The Weekender: KA-POW!


The Green Hornet
Starring Seth Rogen, Jay Chou, Christoph Waltz
Written for the screen by Seth Rogen & Evan Goldberg
Directed by Michel Gondry
Every time I find a reason to get excited about this movie, there are two discouraging signs. This is Christoph Waltz’s first American role after his pitch-perfect performance in Inglorious Basterds. But the oft-delayed film is being shown in tacky post-converted 3-D (meaning they didn’t film it that way, they just added it on to make some more money). Gondry behind the camera will always make for an interesting viewing experience, I doubt he or writers Rogen and Evan Goldberg (Superbad) have any grasp on the campy tone a project like this needs. Hell, they couldn’t even balance the tone in Pineapple Express, which should have been a slam dunk. Plus, the insufferable Cameron Diaz plays Rogen’s secretary and probable love interest. Sigh.

The Dilemma
Starring Kevin James, Vince Vaughn, Jennifer Connelly
Written by Allan Loeb
Directed by Ron Howard
Just like Green Hornet, for every one reason I have to feel like this could be decent, I find two more to signal that it won’t be. On paper, The Dilemma’s premise is intriguing: What would you do if you discovered your best friend’s wife cheating? Should you tell him? Are you obligated to tell him? Plus, Oscar winner Ron Howard is at the helm, so what could go wrong? It all rests on one scene in the trailer and repeated in every ad: Vaughn spies James’ wife (Winona Ryder) smooching Channing Tatum at an arboretum, and promptly pratfalls into some very nasty fauna, which Clint Howard informs him will cause a rash and “painful urination.” Because we all know how hysterical oozing genitals are.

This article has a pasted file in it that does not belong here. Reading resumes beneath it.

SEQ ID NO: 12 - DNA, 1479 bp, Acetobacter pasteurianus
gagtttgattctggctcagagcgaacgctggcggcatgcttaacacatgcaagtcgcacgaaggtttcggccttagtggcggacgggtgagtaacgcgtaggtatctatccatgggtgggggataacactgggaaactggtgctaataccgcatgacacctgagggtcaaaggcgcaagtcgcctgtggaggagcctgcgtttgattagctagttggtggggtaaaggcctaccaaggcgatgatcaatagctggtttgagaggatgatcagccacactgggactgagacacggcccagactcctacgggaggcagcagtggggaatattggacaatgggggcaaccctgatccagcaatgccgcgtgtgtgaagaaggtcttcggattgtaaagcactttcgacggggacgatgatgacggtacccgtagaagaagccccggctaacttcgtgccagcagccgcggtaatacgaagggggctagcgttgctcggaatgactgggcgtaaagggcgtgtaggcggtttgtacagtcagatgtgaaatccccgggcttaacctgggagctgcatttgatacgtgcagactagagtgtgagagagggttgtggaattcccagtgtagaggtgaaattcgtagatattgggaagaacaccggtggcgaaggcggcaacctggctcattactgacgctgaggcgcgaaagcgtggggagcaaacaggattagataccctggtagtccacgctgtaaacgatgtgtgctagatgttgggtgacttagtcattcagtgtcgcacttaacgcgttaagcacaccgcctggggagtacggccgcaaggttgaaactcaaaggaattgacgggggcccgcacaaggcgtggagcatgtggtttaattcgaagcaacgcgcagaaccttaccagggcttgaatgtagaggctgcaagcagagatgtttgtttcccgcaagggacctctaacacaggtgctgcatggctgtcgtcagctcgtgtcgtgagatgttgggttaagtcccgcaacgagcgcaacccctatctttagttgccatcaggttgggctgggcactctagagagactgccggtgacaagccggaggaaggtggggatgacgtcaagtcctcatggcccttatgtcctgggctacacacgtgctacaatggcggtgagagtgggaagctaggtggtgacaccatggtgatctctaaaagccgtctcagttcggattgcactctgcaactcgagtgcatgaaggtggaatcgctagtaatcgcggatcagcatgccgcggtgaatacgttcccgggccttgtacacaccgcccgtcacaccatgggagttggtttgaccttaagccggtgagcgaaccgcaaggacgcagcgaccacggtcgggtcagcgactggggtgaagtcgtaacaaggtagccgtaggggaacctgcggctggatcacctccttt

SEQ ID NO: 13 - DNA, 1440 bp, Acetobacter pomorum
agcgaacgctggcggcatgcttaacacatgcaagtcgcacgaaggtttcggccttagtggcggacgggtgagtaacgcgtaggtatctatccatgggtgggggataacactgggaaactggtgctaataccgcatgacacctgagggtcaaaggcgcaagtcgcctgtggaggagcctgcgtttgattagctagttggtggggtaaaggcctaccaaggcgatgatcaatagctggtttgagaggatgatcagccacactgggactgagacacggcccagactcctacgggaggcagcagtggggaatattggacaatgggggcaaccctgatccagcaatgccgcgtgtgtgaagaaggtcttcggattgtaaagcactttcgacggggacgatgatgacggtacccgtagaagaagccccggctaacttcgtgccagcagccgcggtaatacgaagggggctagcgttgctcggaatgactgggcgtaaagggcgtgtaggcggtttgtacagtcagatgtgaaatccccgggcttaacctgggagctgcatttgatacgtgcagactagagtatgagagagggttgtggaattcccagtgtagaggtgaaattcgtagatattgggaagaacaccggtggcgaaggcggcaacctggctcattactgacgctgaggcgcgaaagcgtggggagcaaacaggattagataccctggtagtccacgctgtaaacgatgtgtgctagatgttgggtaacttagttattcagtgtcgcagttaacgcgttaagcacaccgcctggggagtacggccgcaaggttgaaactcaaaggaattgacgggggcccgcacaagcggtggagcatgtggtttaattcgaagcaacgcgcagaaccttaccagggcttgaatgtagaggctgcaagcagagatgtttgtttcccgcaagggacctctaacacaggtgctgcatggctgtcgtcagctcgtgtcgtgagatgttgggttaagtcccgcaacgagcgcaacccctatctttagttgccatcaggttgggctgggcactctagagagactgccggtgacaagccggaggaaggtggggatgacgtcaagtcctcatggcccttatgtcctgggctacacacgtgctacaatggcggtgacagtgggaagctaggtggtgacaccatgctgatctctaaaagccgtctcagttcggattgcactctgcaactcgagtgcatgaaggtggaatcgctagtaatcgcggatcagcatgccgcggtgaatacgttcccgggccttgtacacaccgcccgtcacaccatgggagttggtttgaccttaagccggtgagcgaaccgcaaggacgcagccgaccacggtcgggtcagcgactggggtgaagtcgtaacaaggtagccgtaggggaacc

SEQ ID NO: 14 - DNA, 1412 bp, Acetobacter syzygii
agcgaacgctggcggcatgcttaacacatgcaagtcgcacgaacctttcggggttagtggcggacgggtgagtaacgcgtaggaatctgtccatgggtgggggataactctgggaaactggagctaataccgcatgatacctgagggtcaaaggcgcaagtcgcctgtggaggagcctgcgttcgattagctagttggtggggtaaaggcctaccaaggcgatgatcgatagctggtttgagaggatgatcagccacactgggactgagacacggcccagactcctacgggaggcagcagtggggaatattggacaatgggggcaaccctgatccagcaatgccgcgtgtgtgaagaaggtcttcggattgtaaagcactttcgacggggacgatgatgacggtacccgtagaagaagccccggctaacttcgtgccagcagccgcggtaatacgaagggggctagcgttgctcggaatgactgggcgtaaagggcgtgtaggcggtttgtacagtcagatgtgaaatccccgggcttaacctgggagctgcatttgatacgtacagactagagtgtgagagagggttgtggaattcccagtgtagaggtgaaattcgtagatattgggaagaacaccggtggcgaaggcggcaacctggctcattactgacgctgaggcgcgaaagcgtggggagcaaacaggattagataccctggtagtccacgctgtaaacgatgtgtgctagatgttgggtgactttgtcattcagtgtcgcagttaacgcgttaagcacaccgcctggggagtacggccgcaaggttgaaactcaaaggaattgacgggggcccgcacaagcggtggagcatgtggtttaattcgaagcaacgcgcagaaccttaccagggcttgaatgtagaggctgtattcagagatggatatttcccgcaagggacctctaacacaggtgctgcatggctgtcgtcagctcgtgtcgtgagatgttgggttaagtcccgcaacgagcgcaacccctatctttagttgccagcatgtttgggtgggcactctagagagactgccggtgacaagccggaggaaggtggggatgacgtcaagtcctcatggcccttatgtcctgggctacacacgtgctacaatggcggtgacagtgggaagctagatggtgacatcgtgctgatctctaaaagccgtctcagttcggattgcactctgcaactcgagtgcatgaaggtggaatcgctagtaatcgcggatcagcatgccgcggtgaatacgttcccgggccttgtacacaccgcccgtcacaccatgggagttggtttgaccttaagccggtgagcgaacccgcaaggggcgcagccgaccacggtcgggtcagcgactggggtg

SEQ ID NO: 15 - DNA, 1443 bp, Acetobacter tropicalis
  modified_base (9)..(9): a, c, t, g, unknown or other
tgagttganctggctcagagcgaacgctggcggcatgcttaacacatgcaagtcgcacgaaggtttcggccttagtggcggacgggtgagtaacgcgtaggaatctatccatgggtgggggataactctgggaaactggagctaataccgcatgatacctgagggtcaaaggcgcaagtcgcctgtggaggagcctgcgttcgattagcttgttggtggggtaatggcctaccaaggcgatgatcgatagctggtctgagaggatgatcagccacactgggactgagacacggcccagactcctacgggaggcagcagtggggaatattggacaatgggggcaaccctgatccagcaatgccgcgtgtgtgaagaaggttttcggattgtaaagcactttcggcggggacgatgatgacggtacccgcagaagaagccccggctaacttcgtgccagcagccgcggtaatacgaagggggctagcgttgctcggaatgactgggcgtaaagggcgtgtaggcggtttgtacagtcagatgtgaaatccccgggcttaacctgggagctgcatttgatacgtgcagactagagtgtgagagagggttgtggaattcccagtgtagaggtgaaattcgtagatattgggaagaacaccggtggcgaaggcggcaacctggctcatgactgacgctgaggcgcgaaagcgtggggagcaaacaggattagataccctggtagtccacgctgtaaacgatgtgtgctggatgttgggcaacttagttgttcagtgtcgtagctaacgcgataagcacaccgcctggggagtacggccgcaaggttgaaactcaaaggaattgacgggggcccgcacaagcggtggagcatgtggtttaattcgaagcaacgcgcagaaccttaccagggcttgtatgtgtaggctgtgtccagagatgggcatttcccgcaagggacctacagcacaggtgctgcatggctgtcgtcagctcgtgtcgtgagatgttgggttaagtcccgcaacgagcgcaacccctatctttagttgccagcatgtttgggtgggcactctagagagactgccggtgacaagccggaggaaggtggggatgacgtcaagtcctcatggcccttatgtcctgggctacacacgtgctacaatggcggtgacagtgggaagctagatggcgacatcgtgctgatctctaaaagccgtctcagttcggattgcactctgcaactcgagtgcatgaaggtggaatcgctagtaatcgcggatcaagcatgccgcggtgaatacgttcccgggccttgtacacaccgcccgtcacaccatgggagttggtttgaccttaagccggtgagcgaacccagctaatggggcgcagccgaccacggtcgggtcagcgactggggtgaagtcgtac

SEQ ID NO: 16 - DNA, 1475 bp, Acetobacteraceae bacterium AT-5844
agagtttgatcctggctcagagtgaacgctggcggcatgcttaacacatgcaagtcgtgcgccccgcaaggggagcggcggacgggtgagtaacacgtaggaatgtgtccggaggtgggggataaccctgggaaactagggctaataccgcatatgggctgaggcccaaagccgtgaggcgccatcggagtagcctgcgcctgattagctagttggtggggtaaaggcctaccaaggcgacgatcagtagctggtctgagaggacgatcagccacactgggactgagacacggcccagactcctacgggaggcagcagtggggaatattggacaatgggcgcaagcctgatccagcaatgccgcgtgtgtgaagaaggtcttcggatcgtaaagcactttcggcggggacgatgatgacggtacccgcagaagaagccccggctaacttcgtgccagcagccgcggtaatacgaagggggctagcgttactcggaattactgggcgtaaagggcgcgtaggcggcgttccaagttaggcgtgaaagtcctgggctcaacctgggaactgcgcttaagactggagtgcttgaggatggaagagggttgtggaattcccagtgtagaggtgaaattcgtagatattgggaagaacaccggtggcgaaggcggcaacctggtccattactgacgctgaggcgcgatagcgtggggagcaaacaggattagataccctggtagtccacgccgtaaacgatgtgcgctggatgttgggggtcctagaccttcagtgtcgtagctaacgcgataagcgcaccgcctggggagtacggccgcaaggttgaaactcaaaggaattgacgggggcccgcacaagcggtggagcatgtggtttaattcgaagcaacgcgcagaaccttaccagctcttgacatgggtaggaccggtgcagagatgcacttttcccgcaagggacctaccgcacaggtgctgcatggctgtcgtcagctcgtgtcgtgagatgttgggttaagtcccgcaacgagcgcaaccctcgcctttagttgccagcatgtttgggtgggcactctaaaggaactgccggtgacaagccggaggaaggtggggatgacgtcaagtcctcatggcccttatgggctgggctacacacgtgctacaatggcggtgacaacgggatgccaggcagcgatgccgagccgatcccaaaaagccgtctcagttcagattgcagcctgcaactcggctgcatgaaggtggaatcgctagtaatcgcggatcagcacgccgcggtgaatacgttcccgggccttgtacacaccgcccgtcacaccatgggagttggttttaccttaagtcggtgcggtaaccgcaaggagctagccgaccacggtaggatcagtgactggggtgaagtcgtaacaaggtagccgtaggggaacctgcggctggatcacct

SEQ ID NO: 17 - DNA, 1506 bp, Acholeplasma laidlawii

White Material
Starring Isabelle Huppert, Christopher Lambert, Isaach de Bankolé
Written by Claire Denis and Marie N’Diaye
Directed by Claire Denis
Denis is one of international cinema’s most acclaimed filmmakers, Huppert, one of its bravest actresses. Together they collaborate in a story that’s both timely and timeless as Huppert portrays the owner of a coffee plantation in an African country in the midst of upheaval. Will she abandon her livelihood or harvest her crop while militias are beating down the door, trying to harvest her head? It sounds like riveting filmmaking, for those who dare subtitles.

Night Catches Us
Starring Anthony Mackie, Kerry Washington, Wendell Pierce
Written and directed by Tanya Hamilton
Philadelphia, 1976. The tremendously talented but seriously underrated Anthony Mackie plays a Black Panther who returns to his old neighborhood, stirring up support. He’s at odds with Washington, who takes a strong but less aggressive stand against racial injustice. Mackie starts to win over the area that’s just beginning to heal, but his violent past may soon catch up with him.

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